Saturday, August 6, 2011

Pollution Control

Pollution control is the process of reducing or eliminating the release of pollutants into the enviroment. It is regulated by various environmental agencies which establish pollutant discharge limits for air, water, and land.
Air pollution control strategies can be divided into two categories, the control of particulate emission and the control of gaseous emissions. There are many kinds of equipment which can be used to reduce particulate emissions. Physical separation of the particulate from the air using settling chambers, cyclone collectors, impingers, wet scrubbers, electrostatic precipitators, and filtration devices, are all processes that are typically employed.
Settling chambers use gravity separation to reduce particulate emissions. The air stream is directed through a settling chamber, which is relatively long and has a large cross section, causing the velocity of the air stream to be greatly decreased and allowing sufficient time for the settling of solid particles.
A cyclone collector is a cylindrical device with a conical bottom which is used to create a tornado-like air stream. A centrifugal force is thus imparted to the particles, causing them to cling to the wall and roll downward, while the cleaner air stream exits through the top of the device.
An impinger is a device which uses the inertia of the air stream to impinge mists and dry particles on a solid surface. Mists are collected on the impinger plate as liquid forms and then drips off, while dry particles tend to build up or reenter the air stream. It is for this reason that liquid sprays are used to wash the impinger surface as well, to improve the collection efficiency.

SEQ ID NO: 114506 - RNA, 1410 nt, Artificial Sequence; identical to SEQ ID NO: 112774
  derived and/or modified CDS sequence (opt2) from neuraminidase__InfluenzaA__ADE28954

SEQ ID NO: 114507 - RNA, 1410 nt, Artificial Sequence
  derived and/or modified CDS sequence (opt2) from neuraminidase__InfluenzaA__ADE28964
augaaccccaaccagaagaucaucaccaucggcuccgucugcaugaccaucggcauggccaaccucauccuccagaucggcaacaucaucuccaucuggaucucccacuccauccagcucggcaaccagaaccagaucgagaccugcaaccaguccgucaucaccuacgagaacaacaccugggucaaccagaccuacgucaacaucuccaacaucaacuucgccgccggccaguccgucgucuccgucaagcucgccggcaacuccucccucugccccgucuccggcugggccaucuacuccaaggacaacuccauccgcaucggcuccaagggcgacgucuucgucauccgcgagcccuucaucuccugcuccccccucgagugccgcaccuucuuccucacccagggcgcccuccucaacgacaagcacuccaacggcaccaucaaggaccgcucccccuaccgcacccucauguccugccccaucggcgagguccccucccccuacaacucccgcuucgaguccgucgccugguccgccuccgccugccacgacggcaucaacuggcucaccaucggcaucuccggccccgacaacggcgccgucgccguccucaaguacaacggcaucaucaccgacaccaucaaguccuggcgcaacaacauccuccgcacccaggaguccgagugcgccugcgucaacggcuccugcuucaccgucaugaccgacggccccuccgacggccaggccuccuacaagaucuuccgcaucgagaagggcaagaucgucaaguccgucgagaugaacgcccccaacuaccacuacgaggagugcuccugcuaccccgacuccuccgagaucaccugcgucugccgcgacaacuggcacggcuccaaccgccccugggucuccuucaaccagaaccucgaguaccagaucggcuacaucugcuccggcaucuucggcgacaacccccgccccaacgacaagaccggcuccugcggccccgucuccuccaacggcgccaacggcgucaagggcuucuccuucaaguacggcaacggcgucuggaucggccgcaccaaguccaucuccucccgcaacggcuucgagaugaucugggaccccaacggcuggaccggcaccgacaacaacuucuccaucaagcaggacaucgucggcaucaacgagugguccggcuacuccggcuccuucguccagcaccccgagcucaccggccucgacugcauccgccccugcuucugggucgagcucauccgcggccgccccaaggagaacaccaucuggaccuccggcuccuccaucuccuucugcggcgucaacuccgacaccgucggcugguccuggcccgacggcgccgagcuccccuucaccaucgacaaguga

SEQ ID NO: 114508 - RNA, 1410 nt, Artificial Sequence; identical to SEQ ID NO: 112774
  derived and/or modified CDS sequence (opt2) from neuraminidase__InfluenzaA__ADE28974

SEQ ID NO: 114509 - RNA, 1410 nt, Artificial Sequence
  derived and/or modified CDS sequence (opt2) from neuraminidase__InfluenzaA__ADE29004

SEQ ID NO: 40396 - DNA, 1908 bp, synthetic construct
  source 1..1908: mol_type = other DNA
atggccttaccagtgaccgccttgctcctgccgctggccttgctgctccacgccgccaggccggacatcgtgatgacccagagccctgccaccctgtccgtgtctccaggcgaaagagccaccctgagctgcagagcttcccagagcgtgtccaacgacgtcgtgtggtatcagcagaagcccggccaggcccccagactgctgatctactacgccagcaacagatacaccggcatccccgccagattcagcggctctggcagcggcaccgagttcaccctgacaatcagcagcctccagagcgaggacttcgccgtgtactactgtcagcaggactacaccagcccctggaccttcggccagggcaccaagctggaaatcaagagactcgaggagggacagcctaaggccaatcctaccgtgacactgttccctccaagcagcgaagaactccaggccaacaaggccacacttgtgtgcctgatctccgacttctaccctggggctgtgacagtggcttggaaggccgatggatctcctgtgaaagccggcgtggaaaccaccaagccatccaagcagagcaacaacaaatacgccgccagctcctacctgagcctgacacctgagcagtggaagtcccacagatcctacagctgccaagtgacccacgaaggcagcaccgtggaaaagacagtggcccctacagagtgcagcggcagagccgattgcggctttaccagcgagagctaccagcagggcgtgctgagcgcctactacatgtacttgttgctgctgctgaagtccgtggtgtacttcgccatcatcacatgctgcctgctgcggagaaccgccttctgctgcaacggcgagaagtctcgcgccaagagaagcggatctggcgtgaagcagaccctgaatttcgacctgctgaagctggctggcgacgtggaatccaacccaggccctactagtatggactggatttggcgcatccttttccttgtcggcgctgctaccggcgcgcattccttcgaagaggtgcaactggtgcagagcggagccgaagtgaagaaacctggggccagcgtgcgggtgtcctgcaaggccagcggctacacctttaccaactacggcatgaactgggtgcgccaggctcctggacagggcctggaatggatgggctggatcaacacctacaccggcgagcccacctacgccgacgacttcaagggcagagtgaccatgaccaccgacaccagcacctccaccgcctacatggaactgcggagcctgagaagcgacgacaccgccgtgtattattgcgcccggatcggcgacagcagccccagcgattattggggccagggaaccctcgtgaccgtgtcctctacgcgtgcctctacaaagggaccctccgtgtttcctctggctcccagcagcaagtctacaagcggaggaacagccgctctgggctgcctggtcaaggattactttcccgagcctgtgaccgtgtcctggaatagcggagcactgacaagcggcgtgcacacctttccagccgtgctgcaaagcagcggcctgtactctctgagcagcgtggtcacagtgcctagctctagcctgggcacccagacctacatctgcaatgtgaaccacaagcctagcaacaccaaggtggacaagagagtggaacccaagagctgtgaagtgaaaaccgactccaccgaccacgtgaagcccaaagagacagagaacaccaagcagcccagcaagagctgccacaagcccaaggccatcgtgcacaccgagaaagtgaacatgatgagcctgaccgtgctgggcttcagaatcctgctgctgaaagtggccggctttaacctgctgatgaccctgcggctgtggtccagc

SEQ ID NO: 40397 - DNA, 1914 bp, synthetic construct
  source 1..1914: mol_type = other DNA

Wet scrubbers control particulate emissions by wetting the particles in order to enhance their removal from the air stream. Wet scrubbers typically operate against the current by a water spray contacting with the gas flow. The particulate matter becomes entrained in the water droplets, and it is then separated from the gas stream. Wet scrubbers such as packed bed, venturi, or plate scrubbers utilize initial impaction, and cyclone scrubbers use a centrifugal force.
Electrostatic precipitators are devices which use an electrostatic field to induce a charge on dust particles and collect them on grounded electrodes. Electrostatic precipitators are usually operated dry, but wet systems are also used, mainly by providing a water mist to aid in the process of cleaning the particles off the collection plate.
One of the oldest and most efficient methods of particulate control, however, is filtration. The most commonly-used filtration device is known as a baghouse and consists of fabric bags through which the air stream is directed. Particles become trapped in the fiber mesh on the fabric bags, as well as the filter cake which is subsequently formed.
Gaseous emissions are controlled by similar devices and typically can be used in conjunction with particulate control options. Such devices include scrubbers, absorption systems, condensers, flares, and incinerators.
Scrubbers utilize the phenomena of adsorption to remove gaseous pollutants from the air stream. There is a wide variety of scrubbers available for use, including spray towers, packed towers, and venturi scrubbers. A wide variety of solutions can be used in this process as absorbing agents. Lime, magnesium oxide, and sodium hydroxide are typically used.

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